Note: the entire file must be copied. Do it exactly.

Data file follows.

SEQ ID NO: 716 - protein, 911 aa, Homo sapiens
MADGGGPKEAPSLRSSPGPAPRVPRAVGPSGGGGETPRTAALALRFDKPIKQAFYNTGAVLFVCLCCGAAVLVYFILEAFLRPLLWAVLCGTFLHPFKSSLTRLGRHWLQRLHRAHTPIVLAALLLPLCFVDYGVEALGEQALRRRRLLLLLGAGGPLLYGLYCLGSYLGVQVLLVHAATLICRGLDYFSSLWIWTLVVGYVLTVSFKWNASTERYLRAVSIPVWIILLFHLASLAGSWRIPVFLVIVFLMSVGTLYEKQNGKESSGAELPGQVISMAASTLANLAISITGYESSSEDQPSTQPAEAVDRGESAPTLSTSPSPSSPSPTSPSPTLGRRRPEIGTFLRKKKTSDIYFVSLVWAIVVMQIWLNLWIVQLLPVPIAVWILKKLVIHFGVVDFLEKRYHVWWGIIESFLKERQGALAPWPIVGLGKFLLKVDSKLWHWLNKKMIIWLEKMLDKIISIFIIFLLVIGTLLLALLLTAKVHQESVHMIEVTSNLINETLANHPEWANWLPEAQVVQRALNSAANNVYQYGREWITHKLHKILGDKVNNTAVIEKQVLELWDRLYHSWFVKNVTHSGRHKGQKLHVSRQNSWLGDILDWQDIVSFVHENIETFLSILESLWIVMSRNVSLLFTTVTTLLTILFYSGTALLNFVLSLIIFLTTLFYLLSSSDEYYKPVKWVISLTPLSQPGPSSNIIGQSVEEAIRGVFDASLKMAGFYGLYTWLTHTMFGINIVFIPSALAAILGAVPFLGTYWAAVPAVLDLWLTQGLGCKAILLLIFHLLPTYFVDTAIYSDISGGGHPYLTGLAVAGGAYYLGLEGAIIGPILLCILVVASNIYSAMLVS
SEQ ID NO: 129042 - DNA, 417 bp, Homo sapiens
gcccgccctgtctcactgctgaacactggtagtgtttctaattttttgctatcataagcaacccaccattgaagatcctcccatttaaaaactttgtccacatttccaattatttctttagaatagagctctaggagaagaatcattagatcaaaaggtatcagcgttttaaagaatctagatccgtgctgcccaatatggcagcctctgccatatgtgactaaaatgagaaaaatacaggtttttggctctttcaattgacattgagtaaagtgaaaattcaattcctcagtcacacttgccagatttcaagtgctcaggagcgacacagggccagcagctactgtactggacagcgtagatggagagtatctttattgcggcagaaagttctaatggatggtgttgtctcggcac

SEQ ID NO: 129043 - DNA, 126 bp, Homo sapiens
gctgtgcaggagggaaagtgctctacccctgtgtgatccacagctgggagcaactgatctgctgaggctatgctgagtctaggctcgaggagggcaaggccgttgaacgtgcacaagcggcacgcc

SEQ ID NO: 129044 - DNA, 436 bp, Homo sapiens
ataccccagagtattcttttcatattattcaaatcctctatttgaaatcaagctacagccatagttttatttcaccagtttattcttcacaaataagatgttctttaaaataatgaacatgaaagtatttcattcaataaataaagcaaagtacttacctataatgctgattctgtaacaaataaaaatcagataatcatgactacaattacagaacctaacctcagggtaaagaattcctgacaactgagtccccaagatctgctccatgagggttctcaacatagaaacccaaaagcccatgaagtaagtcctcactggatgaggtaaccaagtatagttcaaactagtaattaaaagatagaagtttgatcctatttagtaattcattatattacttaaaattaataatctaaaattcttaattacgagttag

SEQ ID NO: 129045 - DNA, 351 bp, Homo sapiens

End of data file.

SEQ ID NO: 716 - protein, 911 aa, Homo sapiens
MADGGGPKEAPSLRSSPGPAPRVPRAVGPSGGGGETPRTAALALRFDKPIKQAFYNTGAVLFVCLCCGAAVLVYFILEAFLRPLLWAVLCGTFLHPFKSSLTRLGRHWLQRLHRAHTPIVLAALLLPLCFVDYGVEALGEQALRRRRLLLLLGAGGPLLYGLYCLGSYLGVQVLLVHAATLICRGLDYFSSLWIWTLVVGYVLTVSFKWNASTERYLRAVSIPVWIILLFHLASLAGSWRIPVFLVIVFLMSVGTLYEKQNGKESSGAELPGQVISMAASTLANLAISITGYESSSEDQPSTQPAEAVDRGESAPTLSTSPSPSSPSPTSPSPTLGRRRPEIGTFLRKKKTSDIYFVSLVWAIVVMQIWLNLWIVQLLPVPIAVWILKKLVIHFGVVDFLEKRYHVWWGIIESFLKERQGALAPWPIVGLGKFLLKVDSKLWHWLNKKMIIWLEKMLDKIISIFIIFLLVIGTLLLALLLTAKVHQESVHMIEVTSNLINETLANHPEWANWLPEAQVVQRALNSAANNVYQYGREWITHKLHKILGDKVNNTAVIEKQVLELWDRLYHSWFVKNVTHSGRHKGQKLHVSRQNSWLGDILDWQDIVSFVHENIETFLSILESLWIVMSRNVSLLFTTVTTLLTILFYSGTALLNFVLSLIIFLTTLFYLLSSSDEYYKPVKWVISLTPLSQPGPSSNIIGQSVEEAIRGVFDASLKMAGFYGLYTWLTHTMFGINIVFIPSALAAILGAVPFLGTYWAAVPAVLDLWLTQGLGCKAILLLIFHLLPTYFVDTAIYSDISGGGHPYLTGLAVAGGAYYLGLEGAIIGPILLCILVVASNIYSAMLVS
SEQ ID NO: 129042 - DNA, 417 bp, Homo sapiens
gcccgccctgtctcactgctgaacactggtagtgtttctaattttttgctatcataagcaacccaccattgaagatcctcccatttaaaaactttgtccacatttccaattatttctttagaatagagctctaggagaagaatcattagatcaaaaggtatcagcgttttaaagaatctagatccgtgctgcccaatatggcagcctctgccatatgtgactaaaatgagaaaaatacaggtttttggctctttcaattgacattgagtaaagtgaaaattcaattcctcagtcacacttgccagatttcaagtgctcaggagcgacacagggccagcagctactgtactggacagcgtagatggagagtatctttattgcggcagaaagttctaatggatggtgttgtctcggcac

SEQ ID NO: 129043 - DNA, 126 bp, Homo sapiens
gctgtgcaggagggaaagtgctctacccctgtgtgatccacagctgggagcaactgatctgctgaggctatgctgagtctaggctcgaggagggcaaggccgttgaacgtgcacaagcggcacgcc

SEQ ID NO: 129044 - DNA, 436 bp, Homo sapiens
ataccccagagtattcttttcatattattcaaatcctctatttgaaatcaagctacagccatagttttatttcaccagtttattcttcacaaataagatgttctttaaaataatgaacatgaaagtatttcattcaataaataaagcaaagtacttacctataatgctgattctgtaacaaataaaaatcagataatcatgactacaattacagaacctaacctcagggtaaagaattcctgacaactgagtccccaagatctgctccatgagggttctcaacatagaaacccaaaagcccatgaagtaagtcctcactggatgaggtaaccaagtatagttcaaactagtaattaaaagatagaagtttgatcctatttagtaattcattatattacttaaaattaataatctaaaattcttaattacgagttag

SEQ ID NO: 129045 - DNA, 351 bp, Homo sapiens